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Logo of nihpaAbout Author manuscriptsSubmit a manuscriptNIH Public Access; Author Manuscript; Accepted for publication in peer reviewed journal;
Biomaterials. Author manuscript; available in PMC Aug 1, 2012.
Published in final edited form as:
PMCID: PMC3104123

Designing a Binding Interface for Control of Cancer Cell Adhesion via 3D Topography and Metabolic Oligosaccharide Engineering


This study combines metabolic oligosaccharide engineering (MOE), a technology where the glycocalyx of living cells is endowed with chemical features not normally found in sugars, with custom-designed three dimensional biomaterial substrates to enhance the adhesion of cancer cells and control their morphology and gene expression. Specifically, Ac5ManNTGc, a thiol-bearing analogue of N-acetyl-d-mannosamine (ManNAc) was used to introduce thiolated sialic acids into the glycocalyx of human Jurkat T-lymphoma derived cells. In parallel 2D films and 3D electrospun nanofibrous scaffolds were prepared from polyethersulfone (PES) and (as controls) left unmodified or aminated. Alternately, the materials were malemided or gold-coated to provide bioorthogonal binding partners for the thiol groups newly expressed on the cell surface. Cell attachment was modulated by both the topography of the substrate surface and by the chemical compatibility of the binding interface between the cell and the substrate; a substantial increase in binding for normally non-adhesive Jurkat line for 3D scaffold compared to 2D surfaces with an added degree of adhesion resulting from chemoselective binding to malemidede-derivatived or gold-coated surfaces. In addition, the morphology of the cells attached to the 3D scaffolds via MOE-mediated adhesion was dramatically altered and the expression of genes involved in cell adhesion changed in a time-dependent manner. This study showed that cell adhesion could be enhanced, gene expression modulated, and cell fate controlled by introducing the 3D topograhical cues into the growth substrate and by creating a glycoengineered binding interface where the chemistry of both the cell surface and biomaterials scaffold was controlled to facilitate a new mode of carbohydrate-mediated adhesion.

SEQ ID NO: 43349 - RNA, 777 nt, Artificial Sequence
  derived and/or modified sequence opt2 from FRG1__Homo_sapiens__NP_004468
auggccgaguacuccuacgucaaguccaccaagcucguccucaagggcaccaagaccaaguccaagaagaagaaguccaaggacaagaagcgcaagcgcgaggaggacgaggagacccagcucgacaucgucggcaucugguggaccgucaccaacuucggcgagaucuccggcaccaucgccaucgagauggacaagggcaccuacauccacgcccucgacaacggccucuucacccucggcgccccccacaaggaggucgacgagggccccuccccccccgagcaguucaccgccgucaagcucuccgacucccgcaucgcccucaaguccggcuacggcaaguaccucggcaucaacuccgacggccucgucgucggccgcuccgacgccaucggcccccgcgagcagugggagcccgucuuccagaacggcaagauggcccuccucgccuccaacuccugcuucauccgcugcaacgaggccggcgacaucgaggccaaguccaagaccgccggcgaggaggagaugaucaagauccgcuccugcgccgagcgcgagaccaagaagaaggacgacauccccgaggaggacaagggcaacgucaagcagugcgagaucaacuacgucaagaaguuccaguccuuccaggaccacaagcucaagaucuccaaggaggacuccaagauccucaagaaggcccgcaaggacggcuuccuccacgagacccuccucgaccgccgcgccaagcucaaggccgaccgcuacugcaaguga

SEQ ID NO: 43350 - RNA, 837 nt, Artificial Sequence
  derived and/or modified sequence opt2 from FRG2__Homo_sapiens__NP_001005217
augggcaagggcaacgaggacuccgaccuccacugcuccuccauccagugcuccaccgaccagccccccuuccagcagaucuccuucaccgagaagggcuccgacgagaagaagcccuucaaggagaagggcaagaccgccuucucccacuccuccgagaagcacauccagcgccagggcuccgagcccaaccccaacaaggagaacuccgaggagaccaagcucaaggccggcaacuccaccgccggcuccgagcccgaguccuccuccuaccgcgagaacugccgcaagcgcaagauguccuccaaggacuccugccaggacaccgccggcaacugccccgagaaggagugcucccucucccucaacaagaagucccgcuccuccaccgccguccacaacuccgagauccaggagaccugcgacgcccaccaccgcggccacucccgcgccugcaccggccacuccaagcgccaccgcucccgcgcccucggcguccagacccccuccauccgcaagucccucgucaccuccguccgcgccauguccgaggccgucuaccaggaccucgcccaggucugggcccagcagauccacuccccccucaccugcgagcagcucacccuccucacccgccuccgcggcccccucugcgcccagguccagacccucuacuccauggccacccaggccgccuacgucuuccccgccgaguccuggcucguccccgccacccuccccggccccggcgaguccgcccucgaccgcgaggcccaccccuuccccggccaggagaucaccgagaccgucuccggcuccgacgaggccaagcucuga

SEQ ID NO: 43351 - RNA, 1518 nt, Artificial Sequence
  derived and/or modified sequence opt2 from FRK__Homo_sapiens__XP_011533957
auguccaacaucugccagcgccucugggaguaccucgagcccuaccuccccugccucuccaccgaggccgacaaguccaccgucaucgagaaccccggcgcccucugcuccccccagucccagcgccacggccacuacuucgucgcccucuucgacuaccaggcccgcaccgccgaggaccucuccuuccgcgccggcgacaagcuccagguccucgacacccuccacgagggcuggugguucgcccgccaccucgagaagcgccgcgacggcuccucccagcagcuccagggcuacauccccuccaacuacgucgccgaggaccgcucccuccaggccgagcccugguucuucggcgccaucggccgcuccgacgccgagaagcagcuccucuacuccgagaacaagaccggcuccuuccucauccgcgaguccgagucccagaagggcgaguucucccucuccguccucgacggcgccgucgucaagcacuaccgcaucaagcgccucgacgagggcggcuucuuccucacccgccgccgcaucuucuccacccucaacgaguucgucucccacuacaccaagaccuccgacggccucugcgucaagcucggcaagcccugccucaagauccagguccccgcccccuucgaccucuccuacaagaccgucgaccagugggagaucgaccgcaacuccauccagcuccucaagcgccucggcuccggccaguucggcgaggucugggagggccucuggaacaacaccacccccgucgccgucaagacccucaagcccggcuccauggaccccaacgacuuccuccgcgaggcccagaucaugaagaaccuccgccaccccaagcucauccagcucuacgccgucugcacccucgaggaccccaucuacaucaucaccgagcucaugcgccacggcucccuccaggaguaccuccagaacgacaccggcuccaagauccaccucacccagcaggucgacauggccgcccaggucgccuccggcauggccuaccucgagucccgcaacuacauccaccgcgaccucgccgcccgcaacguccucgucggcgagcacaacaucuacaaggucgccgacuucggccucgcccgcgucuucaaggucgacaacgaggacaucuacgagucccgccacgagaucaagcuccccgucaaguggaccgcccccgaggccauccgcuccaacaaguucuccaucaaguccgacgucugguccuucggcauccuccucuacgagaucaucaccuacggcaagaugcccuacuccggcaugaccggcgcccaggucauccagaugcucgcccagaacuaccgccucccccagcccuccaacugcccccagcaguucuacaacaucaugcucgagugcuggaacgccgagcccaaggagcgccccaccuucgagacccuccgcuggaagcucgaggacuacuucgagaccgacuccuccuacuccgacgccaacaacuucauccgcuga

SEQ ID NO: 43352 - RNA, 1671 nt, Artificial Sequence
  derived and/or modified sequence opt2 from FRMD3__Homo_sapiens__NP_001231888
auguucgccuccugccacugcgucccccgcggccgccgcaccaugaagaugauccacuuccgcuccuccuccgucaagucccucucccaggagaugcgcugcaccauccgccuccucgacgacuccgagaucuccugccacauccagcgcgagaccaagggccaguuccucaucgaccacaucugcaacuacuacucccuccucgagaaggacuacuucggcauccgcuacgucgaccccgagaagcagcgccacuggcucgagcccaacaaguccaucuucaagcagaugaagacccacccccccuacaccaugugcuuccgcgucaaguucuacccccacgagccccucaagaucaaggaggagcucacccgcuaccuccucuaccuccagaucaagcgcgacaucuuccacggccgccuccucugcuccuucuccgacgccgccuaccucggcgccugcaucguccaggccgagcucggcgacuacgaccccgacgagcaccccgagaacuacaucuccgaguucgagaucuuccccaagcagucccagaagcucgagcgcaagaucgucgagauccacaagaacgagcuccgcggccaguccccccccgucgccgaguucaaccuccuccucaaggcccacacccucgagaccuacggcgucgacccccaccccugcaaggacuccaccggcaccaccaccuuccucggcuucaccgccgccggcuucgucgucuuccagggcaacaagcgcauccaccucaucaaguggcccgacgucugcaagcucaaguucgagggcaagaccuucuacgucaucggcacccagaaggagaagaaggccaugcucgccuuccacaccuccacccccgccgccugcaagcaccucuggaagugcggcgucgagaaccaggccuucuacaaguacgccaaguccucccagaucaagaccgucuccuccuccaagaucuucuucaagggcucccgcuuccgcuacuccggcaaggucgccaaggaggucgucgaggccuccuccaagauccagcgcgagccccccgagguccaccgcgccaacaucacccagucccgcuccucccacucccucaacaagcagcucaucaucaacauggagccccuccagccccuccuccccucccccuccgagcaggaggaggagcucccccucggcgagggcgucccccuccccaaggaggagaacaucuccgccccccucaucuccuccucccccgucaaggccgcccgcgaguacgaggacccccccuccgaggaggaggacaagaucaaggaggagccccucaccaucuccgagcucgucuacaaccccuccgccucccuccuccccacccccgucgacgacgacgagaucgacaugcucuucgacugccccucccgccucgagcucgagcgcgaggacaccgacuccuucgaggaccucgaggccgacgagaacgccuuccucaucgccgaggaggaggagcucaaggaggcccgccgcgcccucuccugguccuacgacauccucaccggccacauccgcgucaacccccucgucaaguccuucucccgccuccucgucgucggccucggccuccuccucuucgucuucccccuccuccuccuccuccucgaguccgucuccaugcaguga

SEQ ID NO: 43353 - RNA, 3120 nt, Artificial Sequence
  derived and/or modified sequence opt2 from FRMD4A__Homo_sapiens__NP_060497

1. Introduction

This study combines two emerging research foci – three dimensional (3D) growth substrates and metabolic oligosaccharide engineering (MOE) – to gain enhanced control over cancer cells. This work builds on seminal experiments that established that adhesion has a dramatic impact on cell fate and behavior [1, 2] by including contributions made through the manipulation of glycosylation and the exploitation of a metabolically engineered carbohydrate-mediated cell attachment to the growth substrate. This study exemplifies today’s great interest in the design of cell niches where high throughput screening methods are being used to tune the biochemistry at the binding interface between a cell and its growth substrate by probing scaffolds displaying a broad diversity of chemical and biophysical properties [3-5].

Despite remarkable progress, precise control of cell attachment to matrix materials remains challenging [4]. By contrast to most extant efforts to control adhesion, which are concentrated on the growth substrate, we are pursuing a fundamentally different approach by modulating the chemistry of the cell surface by using MOE to incorporate chemical functional groups not naturally found in carbohydrates into the glycocalyx of living cells (Scheme 1) [6-9]. By virtue of its location on the outer periphery of the cell surface, the glycocalyx is ideally situated to interact with complementary chemical functional groups located on the growth substrate allowing us to co-engineer the cell and scaffold to achieve carbohydrate-based modes of cell adhesion [10, 11].

Scheme 1